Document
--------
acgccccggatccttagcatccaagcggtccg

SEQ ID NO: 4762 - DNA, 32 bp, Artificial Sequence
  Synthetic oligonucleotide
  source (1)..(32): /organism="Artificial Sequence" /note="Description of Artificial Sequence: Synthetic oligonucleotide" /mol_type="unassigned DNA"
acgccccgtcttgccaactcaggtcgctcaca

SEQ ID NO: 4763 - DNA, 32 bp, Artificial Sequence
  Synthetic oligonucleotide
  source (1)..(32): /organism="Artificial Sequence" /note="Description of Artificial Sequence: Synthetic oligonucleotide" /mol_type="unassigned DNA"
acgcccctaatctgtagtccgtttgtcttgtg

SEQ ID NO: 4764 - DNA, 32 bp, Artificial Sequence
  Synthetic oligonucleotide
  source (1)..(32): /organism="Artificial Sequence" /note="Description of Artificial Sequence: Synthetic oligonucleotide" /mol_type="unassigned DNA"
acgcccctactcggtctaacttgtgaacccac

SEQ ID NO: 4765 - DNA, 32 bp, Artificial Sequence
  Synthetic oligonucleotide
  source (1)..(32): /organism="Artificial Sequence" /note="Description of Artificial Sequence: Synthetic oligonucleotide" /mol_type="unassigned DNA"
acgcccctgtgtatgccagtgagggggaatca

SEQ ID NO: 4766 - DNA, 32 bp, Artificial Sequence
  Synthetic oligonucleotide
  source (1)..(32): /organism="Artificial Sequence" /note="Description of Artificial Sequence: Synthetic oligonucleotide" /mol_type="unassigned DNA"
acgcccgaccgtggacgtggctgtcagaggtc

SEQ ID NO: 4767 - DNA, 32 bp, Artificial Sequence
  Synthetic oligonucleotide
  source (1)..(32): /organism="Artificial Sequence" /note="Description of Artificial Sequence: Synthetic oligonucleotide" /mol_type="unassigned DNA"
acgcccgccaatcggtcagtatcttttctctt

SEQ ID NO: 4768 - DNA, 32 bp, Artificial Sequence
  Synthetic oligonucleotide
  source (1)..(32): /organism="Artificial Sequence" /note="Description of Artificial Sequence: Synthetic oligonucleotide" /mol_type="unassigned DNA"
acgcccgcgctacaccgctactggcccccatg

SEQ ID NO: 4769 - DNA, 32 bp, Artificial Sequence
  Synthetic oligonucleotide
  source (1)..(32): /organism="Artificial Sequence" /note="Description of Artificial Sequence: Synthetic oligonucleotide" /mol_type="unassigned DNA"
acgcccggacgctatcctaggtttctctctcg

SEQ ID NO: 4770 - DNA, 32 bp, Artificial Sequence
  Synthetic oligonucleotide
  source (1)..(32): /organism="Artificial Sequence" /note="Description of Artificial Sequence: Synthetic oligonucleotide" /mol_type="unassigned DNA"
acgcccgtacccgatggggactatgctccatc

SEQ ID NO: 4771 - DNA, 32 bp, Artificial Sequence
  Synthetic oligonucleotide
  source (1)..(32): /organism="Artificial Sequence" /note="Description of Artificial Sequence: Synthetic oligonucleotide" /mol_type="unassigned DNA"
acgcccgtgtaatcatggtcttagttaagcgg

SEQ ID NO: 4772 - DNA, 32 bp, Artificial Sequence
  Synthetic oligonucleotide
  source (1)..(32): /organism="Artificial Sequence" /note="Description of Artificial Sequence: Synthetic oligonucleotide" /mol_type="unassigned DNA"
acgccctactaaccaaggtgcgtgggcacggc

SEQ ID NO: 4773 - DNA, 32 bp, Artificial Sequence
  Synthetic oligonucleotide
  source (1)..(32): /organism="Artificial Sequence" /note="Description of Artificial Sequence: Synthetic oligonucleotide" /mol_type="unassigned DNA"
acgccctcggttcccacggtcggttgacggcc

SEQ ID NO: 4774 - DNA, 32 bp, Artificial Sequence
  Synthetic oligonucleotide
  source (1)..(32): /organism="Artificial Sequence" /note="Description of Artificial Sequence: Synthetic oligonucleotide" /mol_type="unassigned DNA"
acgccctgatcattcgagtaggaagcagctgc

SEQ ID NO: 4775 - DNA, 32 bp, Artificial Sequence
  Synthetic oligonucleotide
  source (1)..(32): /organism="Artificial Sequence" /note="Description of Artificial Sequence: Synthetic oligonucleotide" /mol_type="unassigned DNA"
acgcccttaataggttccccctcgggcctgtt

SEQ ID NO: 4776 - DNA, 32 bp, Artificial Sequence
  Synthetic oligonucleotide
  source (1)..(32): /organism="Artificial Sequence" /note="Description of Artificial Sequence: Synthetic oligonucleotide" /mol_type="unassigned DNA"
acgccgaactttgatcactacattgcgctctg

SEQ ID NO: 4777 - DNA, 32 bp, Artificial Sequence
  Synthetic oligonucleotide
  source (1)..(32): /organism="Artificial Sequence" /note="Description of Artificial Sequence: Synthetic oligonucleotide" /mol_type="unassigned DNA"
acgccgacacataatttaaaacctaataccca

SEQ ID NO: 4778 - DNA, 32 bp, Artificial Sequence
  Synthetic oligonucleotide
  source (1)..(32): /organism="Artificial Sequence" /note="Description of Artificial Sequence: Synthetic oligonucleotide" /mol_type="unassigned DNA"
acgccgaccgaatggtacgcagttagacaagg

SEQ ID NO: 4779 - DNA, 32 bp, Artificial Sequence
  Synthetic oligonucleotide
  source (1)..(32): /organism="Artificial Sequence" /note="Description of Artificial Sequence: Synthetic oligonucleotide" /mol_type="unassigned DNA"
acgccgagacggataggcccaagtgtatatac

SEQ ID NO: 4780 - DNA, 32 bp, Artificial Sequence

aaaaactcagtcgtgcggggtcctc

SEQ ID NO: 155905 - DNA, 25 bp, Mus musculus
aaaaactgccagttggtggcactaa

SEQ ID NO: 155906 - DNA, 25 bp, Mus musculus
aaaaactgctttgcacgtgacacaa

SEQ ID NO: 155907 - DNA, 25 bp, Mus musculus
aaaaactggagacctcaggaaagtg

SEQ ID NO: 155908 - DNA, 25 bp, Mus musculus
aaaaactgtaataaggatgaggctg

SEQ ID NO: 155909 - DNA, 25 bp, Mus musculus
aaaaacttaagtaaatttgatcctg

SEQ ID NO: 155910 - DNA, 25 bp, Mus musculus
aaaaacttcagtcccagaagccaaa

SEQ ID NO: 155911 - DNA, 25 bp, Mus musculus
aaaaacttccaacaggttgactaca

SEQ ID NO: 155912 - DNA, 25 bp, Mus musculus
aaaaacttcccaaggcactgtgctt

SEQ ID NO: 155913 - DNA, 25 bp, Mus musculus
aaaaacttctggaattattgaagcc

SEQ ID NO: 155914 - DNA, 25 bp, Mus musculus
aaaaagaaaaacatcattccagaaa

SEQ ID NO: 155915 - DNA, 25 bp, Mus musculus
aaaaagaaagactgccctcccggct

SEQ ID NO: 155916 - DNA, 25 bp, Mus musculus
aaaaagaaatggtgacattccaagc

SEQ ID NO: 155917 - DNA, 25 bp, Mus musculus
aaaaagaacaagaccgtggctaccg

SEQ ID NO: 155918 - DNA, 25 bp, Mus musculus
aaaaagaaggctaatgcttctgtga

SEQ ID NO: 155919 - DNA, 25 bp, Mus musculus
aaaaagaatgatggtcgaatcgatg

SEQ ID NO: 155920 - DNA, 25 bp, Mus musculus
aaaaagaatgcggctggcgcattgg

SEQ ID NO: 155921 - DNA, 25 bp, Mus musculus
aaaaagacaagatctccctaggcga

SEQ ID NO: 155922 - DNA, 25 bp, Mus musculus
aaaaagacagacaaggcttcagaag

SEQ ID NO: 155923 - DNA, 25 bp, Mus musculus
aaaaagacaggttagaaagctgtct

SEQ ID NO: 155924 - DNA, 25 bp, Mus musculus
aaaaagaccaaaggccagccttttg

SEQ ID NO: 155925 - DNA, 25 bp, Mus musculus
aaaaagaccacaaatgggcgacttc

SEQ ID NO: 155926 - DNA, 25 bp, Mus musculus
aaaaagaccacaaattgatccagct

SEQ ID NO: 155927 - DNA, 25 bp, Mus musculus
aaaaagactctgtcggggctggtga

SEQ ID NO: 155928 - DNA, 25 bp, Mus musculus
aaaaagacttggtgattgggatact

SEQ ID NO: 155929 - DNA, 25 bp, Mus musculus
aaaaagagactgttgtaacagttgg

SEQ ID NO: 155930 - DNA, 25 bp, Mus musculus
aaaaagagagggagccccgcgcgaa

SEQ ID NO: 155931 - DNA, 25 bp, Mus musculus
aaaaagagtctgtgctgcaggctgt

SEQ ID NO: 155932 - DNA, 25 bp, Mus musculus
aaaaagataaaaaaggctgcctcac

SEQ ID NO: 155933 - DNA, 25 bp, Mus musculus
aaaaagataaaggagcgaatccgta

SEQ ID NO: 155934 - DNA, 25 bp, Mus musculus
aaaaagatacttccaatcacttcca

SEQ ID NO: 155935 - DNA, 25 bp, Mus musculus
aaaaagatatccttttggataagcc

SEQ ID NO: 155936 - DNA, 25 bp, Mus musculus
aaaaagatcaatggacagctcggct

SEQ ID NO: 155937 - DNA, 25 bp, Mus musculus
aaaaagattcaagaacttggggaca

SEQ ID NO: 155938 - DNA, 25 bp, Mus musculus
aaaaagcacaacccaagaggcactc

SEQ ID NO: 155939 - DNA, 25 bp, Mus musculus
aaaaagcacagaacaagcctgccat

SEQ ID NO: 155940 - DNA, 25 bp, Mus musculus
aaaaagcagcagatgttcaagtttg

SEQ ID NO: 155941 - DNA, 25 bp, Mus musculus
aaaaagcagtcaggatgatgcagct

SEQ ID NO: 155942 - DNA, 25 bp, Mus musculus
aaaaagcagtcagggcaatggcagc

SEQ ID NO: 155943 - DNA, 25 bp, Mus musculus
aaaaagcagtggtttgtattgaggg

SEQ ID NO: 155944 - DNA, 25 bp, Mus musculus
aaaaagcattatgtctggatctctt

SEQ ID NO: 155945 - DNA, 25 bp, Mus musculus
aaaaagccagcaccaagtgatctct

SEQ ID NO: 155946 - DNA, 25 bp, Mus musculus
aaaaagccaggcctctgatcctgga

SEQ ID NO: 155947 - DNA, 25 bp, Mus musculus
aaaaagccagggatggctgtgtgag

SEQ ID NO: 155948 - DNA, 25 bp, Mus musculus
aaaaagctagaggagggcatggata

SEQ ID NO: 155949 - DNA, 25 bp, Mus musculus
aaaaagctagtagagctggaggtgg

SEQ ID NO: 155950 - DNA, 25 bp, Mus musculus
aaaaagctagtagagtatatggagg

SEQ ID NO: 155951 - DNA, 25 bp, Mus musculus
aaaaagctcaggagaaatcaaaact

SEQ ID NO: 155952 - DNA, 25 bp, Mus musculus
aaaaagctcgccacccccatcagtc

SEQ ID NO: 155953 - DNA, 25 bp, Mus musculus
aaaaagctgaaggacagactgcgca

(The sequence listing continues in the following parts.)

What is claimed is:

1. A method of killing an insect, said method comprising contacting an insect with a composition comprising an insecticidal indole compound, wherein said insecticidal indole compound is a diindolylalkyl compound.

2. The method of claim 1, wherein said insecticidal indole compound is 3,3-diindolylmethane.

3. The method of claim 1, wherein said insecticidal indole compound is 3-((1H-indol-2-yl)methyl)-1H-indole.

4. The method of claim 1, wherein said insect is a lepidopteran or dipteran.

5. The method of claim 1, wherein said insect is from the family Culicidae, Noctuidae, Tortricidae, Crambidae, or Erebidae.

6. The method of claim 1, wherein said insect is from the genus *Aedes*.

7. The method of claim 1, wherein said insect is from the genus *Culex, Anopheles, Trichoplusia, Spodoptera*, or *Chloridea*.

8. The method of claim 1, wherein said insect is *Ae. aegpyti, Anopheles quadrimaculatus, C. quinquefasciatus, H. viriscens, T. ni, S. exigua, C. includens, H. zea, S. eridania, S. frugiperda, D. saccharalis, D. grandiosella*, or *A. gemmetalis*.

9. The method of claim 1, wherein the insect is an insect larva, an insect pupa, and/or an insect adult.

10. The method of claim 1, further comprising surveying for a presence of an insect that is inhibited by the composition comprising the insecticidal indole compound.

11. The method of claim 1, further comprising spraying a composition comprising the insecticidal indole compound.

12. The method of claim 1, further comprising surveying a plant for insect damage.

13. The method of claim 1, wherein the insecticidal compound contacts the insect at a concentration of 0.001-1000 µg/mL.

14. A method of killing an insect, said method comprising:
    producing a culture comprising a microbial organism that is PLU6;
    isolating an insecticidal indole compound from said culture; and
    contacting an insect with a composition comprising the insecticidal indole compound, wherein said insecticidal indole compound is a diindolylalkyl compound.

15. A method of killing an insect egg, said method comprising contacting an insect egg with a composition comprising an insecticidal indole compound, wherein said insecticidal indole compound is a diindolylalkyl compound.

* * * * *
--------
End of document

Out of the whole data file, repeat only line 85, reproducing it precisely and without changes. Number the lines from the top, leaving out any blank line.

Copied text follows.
aaaaacttaagtaaatttgatcctg